We all have experienced the same thing; we try a clothing piece at a store, we (hopefully) make sure it fits our body type, and we purchase the piece knowing it will look great on us. Next thing it happens, we notice something wrong. We don’t know what it is but we do know we don’t look as we should, still, the answer is right in front of us…. we don’t know how to combine clothes!
All pieces look good by themselves, but arranging them in the right way into an outfit can get quite tricky, especially if the clothing has printed patterns on it. So what do you do? You read this guide in which we will teach you how to properly dress with patterns.
We will cover general rules for printed clothing that works for both men and women. The idea is that you DO NOT spend hours and hours studying fashion theory to look good. These rules are for the most popular patterns seen in clothing (from all eras) so they work most of the time. They are also really simple to learn and will take your fashion sense to the next level.
Since there are dozens of different patterns, we may do a part 2 for this post covering more of these. Stay tuned for that!
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Polka dots – A Vintage Classic
Polka dots apparel has played a huge role in fashion (especially in women’s) over the last decades. It was especially popular during the 1950s and even during its downtime, it remained part of our society.
Even for the average person, combining polka dots can be very easy due to the colour contrast it has. Most of the time, polka dots are all of the same colour and printed over a contrasting background, for example, black dots in a white blouse. If you contrast these colours over the rest of the outfit you will be good to go.
Example outfits of this in women would be:
- Black over white polka dots blouse + Plain black skirt + white heels
- Sleeveless black top + black over white polka dots skirt (or trousers) + black heels
On the other hand, men usually find polka dots in dress shirts, so a plain contrasting tie looks really good, along with a set of trousers of the colour of the tie.
Remember that you can find polka dots over red, green, yellow, and many other colours, so the key here is to know how to contrast these. In our fashion advice post, we cover some colour theory plus other tips you may find useful.
Polka dots with other colours
Adding an extra colour to the mixture is also welcome and adds a unique twist to your outfit. In this post by tailor brands, you can see amazing 3 colour combinations. Of course, if you want to have a more low-key look, you can add extra colours in the form of varying tonalities of the ones you have (in the example above, you can add various gray tonalities).
On the other hand, even a non-matching colour can work in small quantities. A belt, shoes/heels, or jewelry that stands out to the eye are a nice touch that some people like.
Polka dots with other prints
Adding extra prints to the mix can also become a problem. The last thing you want is to look like a moving child’s playground with all kinds of shapes and forms over you.
One thing that works wonders, especially on women, is to go for inverted colour polka dots, that is, for example, if you have a black over white blouse, go for a white over black skirt (not that the dimensions of the dots themselves can also be contrasted).
Polka dots also work with plaid, floral, or stripes. The key point here is to contrast the pattern sizes; large polka dots look very nice with small stripes or plaid patterns, and vice versa. If you are unsure of mixing patterns, you can start by introducing them in belts, bags, and accessories to see how they look.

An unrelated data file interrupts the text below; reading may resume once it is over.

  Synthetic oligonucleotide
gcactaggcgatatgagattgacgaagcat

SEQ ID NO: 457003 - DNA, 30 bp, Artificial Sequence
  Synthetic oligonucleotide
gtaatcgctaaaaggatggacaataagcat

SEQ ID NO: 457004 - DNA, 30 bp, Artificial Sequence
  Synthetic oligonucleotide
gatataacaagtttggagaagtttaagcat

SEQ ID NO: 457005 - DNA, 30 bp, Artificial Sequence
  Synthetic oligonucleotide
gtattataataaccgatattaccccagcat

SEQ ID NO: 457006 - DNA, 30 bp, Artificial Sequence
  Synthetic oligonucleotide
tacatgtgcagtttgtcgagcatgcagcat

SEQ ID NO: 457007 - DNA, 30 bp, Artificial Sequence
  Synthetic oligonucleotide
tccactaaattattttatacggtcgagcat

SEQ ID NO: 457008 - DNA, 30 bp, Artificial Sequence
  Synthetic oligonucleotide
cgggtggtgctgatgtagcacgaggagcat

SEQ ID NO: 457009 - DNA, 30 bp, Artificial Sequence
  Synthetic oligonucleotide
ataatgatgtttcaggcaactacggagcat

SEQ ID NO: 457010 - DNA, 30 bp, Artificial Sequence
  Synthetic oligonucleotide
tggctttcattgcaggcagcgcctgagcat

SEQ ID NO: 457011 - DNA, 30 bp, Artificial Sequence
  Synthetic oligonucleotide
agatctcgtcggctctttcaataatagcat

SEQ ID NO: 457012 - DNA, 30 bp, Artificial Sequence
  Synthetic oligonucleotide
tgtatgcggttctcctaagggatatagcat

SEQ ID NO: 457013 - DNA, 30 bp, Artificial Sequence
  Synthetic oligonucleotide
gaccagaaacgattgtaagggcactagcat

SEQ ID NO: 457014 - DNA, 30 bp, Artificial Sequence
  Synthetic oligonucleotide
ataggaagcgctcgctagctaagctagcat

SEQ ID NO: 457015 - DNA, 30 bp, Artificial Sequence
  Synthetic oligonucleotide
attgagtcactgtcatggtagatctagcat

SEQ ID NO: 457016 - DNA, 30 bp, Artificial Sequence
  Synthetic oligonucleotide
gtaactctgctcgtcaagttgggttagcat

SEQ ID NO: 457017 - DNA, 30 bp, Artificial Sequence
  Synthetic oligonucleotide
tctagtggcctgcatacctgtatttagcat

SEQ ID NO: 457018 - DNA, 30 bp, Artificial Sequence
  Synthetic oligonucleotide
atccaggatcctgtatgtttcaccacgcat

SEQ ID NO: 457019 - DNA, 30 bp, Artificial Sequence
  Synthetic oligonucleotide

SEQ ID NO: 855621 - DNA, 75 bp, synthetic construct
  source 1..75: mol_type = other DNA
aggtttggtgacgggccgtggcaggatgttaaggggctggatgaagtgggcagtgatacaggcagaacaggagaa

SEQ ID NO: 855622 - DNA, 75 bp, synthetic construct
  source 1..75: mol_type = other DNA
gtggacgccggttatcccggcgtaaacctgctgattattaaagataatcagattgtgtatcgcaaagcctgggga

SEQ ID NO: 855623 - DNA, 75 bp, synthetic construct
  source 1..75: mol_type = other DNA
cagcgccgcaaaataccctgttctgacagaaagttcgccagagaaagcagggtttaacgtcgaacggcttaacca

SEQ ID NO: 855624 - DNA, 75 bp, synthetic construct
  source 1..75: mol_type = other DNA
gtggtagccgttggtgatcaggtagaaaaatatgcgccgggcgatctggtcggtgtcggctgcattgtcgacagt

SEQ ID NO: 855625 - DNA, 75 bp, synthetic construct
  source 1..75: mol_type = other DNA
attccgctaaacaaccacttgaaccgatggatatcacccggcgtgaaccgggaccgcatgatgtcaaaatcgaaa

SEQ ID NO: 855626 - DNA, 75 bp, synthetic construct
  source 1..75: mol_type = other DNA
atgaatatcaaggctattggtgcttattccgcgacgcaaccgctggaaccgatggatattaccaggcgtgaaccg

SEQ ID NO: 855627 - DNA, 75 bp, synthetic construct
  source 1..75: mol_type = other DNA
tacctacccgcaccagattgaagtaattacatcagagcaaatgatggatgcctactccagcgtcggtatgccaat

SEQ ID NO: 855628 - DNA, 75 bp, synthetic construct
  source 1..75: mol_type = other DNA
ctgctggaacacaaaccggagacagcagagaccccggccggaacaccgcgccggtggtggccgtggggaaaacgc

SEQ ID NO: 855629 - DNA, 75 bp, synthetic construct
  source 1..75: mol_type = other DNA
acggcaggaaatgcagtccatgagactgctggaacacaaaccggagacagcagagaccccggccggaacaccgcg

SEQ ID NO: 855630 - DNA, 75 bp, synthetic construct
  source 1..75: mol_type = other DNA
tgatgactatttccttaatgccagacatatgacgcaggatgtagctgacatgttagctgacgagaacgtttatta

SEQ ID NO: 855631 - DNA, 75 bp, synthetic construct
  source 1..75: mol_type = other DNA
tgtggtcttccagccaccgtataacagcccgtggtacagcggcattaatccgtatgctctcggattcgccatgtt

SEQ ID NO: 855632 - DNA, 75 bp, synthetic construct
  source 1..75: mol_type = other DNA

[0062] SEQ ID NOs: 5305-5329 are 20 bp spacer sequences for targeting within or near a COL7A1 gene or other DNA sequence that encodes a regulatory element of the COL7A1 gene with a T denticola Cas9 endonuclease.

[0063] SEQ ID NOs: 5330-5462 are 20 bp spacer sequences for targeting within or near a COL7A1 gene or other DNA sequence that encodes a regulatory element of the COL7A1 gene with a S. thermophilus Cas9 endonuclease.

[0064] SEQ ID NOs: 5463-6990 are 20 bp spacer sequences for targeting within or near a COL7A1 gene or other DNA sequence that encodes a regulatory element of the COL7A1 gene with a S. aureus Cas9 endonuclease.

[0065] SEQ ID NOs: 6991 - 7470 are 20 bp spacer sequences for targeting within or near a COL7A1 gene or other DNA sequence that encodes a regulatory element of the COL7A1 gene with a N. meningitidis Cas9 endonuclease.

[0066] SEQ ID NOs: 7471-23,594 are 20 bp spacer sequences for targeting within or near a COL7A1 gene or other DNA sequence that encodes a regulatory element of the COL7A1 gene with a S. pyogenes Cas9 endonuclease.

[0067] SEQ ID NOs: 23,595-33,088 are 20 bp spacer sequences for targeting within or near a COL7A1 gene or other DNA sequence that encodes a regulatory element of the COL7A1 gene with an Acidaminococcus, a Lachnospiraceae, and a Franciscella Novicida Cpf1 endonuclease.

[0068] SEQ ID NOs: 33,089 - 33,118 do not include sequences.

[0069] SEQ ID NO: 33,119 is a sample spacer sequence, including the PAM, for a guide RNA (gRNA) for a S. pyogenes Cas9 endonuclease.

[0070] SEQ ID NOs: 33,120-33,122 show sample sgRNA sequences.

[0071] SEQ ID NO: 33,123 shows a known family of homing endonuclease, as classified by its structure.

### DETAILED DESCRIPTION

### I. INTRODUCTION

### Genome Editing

Still, you should avoid mixing more than 3 prints (even if they are all polka dots)
Stripes – An all-around print
Stripes are also widely popular and are a preferred choice for casual clothing, however, they are more complicated to pull than polka dots.
Colour in striped outfits
To avoid going around looking like a rainbow, a common colour strip has to be present throughout the outfit. Even if you combine strips in different directions and sizes, or combine them with other prints, having one strip of the same colour all over the outfit will maintain the general balance.
Black or a primary colour stripe is an ideal choice for this, then you can go back to your colour theory to find the best combinations.
Different shades combinations also work if you want to stick to fewer colours.
Stripes in various directions and width
The easiest choice and one that looks great all the time is to keep a uniform width and direction throughout the outfit. This is ideal when you are starting.
If you want to try more complex combinations, you can start by varying the width of the stripes your wear in your upper body, as opposed to your lower body. This, in combination with the one colour strip rule, explained above, while allows you to combine lots of different colours freely.
Alternatively, you can try varying the direction of the stripes. This turns out to be a little more complex as the colour mixture is generally restricted to the same on both parts of the body, otherwise, we create a very complex visual for the brain. Another way to ease this shift is to incorporate the width change along with the direction change, this way the shift in direction is not as drastic/evident to the eye.
Stripes with other prints
Wearing only stripes has some perks to it. For example, in the case of horizontal stripes, it can make you look thinner when the background colour is dark. Still, many people don’t like that monotonous look and they recur to other prints to break that pattern.